O: Can you tell us the role of the major notes in Cuirelle?
RM: The leather/suede accord is an incense, patchouli, birch, cedar, cinnamon and vanilla accord. Cinnamon and vanilla provide values of sincerity, sweetness, and happiness, beeswax emulsifies the accord and provides confidence. Solemnity comes from frankincense, firmness from cedarwood and daring patchouli leaves, the roots of vetiver and iris provide stability and glamour, the tonkinol (tonkin musk) provides sensuality. Because leather is presence, charisma, and power.
O: You've said that you're also a writer. What role does story play in your process when you create perfumes? Are they more often autobiographical or fiction or a bit of both?
RM: The intellectual process will define how my perfume will be. The story and message push me to choose the ingredients by way of words, accords, and phrases, and the composition and text of the work. The language of the ingredients is also the language of the perfumer, and my personal language mixes imagination, art, craft, intuition, culture, liturgy, naturalism, aesthetics, experiences, emotions, autobiography, and fiction, all at the same time. But at the end there is always a story to tell, and this is what defines the final olfactory image.
O: Is your love of literature one of the reasons you chose the inkwell style bottle?
RM: Absolutely. Furthermore, it happened that I designed my flacon while I was writing my novel "The Perfumer." When you have an inspiration and a clear idea, the composition process is simple. The goal is to be a neutral icon, genderless, in order to liberate the content and provide it with the magic from the ink and the author's hand.
O: Your bottle has tremendous presence. It's substantial but elegant, and it makes a compelling impression long before one smells what's inside. What role do you think presentation plays in the perception of a scent?
RM: It is important for discovering the work, to give value, to get attention, to identify the author, to convey trust and confidence in the perfume—which is already an abstract and hard-to-decipher art for the customer. But the bottle only performs this function the first time; after that, the perfume is the only protagonist.
O: Many perfumers are happy to do creative work for other people because there's so much pressure when you create under your own name. Why do you find this liberating?
RM: Unfortunately, most perfumers work exclusively for brands that they do not own or for perfume composition companies which work for other brands. But I can assure you that in spite of being well paid, they are not happy, because they have to go through too many filters. They don’t have the longed-for freedom of any creative. Quite often they work in the dark and cannot put their names on their creations, so they don’t have the opportunity for public recognition because they are cloistered in their laboratories. There is no doubt in my new endeavor, I have regained absolute freedom, and oh my God, how important that is! I still have not 100 percent adjusted, but I am free of marketing demands, of the demand for low-cost ingredients, of trends and styles marked by fashion, because a perfume is really timeless. I am also free of the celebrity advertising trend, from the tyranny of the big chains that will never understand the true values of perfume, and much more! All of that is much more than liberating, and that is why it’s worth taking all the risks that I am taking nowadays. I am doing it with the hope and happiness of a child!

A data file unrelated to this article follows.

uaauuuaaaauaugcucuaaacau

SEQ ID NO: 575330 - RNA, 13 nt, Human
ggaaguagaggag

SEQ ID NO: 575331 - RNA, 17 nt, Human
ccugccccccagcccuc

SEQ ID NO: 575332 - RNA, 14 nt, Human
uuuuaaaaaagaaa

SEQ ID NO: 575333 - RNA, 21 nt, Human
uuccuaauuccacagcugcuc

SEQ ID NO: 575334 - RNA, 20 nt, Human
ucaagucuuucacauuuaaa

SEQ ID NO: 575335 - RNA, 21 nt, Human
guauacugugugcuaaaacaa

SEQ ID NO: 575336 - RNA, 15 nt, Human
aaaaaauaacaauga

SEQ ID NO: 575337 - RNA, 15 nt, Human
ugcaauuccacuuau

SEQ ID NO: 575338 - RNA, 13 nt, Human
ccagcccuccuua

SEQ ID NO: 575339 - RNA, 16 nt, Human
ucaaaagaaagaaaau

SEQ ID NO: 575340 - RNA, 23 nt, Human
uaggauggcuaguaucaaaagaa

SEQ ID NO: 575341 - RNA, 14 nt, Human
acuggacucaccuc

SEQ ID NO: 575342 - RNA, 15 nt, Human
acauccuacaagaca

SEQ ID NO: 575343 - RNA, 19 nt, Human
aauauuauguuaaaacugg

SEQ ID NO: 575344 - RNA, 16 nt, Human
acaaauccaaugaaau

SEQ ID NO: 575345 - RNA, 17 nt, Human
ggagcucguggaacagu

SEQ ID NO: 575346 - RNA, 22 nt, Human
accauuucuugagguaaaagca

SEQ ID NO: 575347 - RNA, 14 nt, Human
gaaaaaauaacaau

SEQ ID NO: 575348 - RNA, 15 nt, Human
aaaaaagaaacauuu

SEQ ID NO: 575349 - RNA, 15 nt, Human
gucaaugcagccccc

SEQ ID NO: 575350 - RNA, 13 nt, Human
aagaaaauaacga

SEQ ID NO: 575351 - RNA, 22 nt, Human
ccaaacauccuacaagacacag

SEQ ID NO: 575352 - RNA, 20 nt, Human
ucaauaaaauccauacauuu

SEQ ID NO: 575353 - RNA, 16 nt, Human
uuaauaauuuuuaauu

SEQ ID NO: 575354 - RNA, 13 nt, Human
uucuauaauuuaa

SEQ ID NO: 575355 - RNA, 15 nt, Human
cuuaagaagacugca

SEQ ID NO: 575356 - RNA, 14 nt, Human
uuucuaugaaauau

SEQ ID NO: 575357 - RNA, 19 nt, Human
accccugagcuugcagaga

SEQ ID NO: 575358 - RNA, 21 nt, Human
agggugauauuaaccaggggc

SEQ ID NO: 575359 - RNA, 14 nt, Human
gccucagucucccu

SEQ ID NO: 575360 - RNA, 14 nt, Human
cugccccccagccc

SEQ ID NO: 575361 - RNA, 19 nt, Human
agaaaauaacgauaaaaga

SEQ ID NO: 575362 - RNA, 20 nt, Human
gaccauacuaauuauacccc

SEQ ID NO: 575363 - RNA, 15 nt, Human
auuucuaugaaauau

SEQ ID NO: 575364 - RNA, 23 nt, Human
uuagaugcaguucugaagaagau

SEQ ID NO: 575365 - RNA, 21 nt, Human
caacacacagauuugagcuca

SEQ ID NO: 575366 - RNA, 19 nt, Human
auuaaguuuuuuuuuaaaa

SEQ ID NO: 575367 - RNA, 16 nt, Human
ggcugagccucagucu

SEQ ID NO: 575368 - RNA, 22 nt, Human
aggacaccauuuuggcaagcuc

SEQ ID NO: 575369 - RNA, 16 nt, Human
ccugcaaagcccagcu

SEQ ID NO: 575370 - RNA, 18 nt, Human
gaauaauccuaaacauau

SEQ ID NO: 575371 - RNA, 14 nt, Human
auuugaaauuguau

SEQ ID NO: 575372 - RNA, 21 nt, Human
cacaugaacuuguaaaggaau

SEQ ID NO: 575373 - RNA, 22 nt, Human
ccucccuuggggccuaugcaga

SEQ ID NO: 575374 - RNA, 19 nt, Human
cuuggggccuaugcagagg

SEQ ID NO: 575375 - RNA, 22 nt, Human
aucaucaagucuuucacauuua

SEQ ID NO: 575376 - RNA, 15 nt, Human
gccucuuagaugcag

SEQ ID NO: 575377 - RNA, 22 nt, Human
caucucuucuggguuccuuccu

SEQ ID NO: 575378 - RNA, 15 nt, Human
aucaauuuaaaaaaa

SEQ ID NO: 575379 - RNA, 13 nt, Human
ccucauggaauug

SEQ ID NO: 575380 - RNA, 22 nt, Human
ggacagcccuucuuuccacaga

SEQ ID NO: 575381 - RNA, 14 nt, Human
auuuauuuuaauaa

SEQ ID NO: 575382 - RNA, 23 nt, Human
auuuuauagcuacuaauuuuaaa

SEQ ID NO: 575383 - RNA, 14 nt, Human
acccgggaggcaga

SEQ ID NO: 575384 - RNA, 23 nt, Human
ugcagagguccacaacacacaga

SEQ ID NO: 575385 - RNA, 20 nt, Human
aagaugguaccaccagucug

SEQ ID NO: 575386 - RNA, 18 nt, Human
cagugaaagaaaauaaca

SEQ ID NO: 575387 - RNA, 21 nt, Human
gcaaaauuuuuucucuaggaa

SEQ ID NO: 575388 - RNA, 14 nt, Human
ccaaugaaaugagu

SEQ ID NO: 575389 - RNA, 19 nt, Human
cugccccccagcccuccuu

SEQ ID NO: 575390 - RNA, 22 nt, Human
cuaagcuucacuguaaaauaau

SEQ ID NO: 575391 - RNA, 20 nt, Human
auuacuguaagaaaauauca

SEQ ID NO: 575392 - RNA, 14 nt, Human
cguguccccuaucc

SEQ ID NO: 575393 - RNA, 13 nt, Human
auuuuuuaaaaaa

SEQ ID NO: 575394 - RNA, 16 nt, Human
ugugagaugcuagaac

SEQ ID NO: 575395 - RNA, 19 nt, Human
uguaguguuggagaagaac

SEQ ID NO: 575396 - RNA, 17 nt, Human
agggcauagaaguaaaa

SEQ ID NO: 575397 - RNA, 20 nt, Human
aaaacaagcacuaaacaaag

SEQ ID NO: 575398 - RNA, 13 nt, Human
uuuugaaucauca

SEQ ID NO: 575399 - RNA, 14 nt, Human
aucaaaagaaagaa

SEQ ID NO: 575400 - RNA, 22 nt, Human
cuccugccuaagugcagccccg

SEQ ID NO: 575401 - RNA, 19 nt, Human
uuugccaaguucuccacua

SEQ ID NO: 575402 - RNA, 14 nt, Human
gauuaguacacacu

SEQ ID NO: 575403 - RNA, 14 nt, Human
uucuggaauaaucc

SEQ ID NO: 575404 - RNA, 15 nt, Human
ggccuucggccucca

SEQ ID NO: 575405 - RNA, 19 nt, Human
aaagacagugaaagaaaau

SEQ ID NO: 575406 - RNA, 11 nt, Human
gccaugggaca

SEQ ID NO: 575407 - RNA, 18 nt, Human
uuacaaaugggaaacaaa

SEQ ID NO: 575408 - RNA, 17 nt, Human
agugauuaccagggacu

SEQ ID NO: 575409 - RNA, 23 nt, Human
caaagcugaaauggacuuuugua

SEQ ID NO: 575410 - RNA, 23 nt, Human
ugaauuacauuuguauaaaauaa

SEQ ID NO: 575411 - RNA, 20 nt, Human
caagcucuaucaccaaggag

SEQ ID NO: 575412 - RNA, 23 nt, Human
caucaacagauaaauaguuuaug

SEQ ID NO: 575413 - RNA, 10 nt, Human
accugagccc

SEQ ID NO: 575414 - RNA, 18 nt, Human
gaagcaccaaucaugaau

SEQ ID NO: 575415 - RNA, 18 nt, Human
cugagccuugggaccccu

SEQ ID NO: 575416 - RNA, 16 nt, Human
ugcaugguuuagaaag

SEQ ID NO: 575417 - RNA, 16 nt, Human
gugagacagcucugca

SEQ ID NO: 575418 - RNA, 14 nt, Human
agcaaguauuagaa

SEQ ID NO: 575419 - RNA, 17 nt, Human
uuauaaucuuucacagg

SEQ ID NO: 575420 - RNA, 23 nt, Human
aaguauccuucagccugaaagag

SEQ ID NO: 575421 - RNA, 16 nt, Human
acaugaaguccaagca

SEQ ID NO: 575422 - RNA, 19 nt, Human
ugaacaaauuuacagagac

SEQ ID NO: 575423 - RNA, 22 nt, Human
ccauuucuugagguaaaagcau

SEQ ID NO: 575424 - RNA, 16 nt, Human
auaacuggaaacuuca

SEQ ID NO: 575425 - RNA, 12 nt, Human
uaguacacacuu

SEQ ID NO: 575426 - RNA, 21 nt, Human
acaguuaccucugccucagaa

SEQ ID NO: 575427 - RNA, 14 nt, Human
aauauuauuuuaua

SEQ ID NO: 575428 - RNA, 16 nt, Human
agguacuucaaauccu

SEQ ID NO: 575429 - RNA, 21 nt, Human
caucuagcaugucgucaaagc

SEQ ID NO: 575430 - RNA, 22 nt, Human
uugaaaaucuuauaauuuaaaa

O: How has your relationship to your customers evolved since you became the face of your own brand?
RM: I am much more involved. I am an accomplice—a teacher, a trainer. I am accessible, trying to explain the importance of the olfactory image, the marriage, the language of smell, of its ingredients. Their reaction is fantastic. They are tired and fed up of advertising and want to know more. They’re looking for less trendiness, less uniformity, more exclusivity, and more customization.
O: Over decades, you've seen the perfume world change dramatically, particularly with the rise of the Internet as a way to discover perfumes. What do you think of this new world when you compare it to the more traditional world of perfumery in which you were raised?
RM: I am surprised and delighted—it’s fantastic! What was a dream just over a decade ago is now a reality. I am thankful for this great change that allows me to communicate with my clients all over the world. Customers now have the opportunity to discover modern craftsmanship and authentic perfumery through a personal search, and can decide for themselves because they do not have to follow the trends dictated by commercials and advertisings generated by large corporations. The client is in the spotlight, free to search, find, try, and buy. The perfumer can leave the lab, as the chefs leave the kitchen, publicizing their work and personally signing their message. But from my perspective, I must say that I could never have thought of a situation as positive for true perfumery, and I think this has only just begun. I welcome whatever is coming!